Given the excitement over the term “draft” when it comes to football fans, there’s no denying that even the supplemental version of it creates such a spark of interest. But this year, Terrelle Pryor’s entry into the 2011 NFL Supplemental Draft has fans talking, scouts scrambling and teams potentially risking a future pick on the Ohio State product. Today’s the finally the day that Pryor will find out his future home.
But what exactly is the NFL’s Supplemental Draft? How does it work. Here’s a quick rundown for you.
The Supplemental Draft does not operate in the same way the April version of the NFL Draft. Here, each NFL franchise submits a closed or secret bid with what round they would choose the player in a regular draft.. The team then loses that draft pick in the next year’s draft. If it sounds easy enough, that’s because it really is, since players are taken so rarely. Only 40 players have been taken in the 34 year history of the draft.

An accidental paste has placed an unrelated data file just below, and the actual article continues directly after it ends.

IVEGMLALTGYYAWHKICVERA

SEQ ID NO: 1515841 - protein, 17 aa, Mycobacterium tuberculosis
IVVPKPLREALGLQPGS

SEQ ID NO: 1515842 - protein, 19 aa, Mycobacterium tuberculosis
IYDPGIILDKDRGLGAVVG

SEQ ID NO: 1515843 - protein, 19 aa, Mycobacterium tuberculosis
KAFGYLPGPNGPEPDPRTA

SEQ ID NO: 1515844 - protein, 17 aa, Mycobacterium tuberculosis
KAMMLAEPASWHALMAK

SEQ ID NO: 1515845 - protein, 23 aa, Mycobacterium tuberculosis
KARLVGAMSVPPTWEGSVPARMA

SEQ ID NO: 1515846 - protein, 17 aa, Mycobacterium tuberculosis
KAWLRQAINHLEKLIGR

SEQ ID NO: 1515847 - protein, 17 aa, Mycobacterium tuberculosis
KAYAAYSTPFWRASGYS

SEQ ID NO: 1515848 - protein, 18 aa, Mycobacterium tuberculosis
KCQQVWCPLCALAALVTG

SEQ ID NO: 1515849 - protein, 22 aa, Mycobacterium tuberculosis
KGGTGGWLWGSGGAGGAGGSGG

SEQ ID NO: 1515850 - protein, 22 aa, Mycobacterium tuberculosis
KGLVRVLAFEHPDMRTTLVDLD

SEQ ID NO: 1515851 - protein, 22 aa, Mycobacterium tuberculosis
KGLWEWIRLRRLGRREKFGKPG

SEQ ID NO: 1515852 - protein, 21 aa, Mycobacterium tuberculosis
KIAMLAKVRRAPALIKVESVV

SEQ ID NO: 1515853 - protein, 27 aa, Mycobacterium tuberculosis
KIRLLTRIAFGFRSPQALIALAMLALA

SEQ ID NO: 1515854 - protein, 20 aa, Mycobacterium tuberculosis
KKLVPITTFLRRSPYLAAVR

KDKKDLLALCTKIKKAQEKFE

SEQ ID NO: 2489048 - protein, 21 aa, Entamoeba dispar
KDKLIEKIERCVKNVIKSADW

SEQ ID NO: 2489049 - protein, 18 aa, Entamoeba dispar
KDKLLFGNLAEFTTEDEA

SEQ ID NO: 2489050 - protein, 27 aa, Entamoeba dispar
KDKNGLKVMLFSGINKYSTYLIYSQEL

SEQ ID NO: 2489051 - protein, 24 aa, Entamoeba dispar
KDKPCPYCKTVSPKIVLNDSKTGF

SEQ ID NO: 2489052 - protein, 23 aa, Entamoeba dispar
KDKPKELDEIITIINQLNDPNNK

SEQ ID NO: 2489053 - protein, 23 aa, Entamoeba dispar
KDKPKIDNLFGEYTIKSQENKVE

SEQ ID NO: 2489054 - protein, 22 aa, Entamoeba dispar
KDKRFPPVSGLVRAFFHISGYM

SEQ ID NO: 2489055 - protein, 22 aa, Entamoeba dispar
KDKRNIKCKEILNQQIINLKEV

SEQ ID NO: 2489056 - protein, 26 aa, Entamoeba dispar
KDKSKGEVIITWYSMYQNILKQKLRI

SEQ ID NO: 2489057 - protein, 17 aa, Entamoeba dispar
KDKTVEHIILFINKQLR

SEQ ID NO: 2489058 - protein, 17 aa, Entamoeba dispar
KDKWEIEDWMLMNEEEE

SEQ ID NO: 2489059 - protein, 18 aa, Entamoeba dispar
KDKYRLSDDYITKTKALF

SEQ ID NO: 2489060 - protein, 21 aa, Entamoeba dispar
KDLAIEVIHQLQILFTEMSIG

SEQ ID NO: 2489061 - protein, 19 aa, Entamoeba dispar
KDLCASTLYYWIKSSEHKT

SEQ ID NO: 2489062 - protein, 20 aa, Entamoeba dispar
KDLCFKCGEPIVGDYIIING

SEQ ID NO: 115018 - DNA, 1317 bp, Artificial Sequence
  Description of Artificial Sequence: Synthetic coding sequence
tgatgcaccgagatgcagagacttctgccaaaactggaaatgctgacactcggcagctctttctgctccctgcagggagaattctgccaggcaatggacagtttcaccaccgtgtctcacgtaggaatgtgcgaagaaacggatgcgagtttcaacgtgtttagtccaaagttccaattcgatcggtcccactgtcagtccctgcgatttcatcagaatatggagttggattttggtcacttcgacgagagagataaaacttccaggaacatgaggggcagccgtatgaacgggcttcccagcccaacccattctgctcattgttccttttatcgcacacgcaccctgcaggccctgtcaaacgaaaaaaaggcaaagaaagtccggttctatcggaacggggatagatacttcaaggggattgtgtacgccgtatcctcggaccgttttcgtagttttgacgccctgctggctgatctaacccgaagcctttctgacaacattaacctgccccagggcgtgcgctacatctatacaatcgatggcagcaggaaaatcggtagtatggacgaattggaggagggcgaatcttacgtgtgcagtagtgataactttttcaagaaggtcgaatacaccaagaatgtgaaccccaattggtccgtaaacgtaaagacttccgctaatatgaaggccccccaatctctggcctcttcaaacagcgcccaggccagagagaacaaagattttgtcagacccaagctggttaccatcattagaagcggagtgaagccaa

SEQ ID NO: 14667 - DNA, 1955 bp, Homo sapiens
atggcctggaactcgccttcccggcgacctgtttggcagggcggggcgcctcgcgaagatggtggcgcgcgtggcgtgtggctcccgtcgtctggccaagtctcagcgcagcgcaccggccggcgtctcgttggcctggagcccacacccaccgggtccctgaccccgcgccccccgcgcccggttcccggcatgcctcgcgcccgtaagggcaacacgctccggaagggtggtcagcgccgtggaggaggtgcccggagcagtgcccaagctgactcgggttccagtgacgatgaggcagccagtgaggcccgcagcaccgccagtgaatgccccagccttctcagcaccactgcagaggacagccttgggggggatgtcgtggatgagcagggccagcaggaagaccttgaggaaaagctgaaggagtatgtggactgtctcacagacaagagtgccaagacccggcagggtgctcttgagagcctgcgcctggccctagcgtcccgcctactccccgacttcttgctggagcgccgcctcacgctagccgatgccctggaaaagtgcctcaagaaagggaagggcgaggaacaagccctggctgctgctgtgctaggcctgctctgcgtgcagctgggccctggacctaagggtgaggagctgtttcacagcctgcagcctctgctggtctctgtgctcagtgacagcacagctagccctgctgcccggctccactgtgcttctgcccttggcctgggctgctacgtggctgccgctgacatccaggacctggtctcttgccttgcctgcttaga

The types of players that fall through the cracks are those ineligible for the NFL Draft, but who became open for the Supplemental Draft because of their college eligibility issues. Other players have had off-the-field problems or legal woes that kept them from looking forward to displaying their skills on the NCAA level this year. Either way, it’s usually an eyebrow-raising scenario that almost certainly keeps ultra-conservative GMs from even scouting such players.
The Kansas City Chiefs are currently enjoying the spoils of the Supplemental Draft, since Jared Gaither is on the roster — the last impact player taken in any SD. Last year, the Cowboys selected Illinois’ DT Josh Brent and the Chicago Bears selected BYU RB Harvey Unga. Others who have been chosen in the Supplemental Draft include some of the greatest names in recent NFL history including receiver Cris Carter, quarterbacks Steve Walsh and Bernie Kosar and OL Mike Wahle.
The Supplemental Draft takes place at 1pm ET/12 CT today.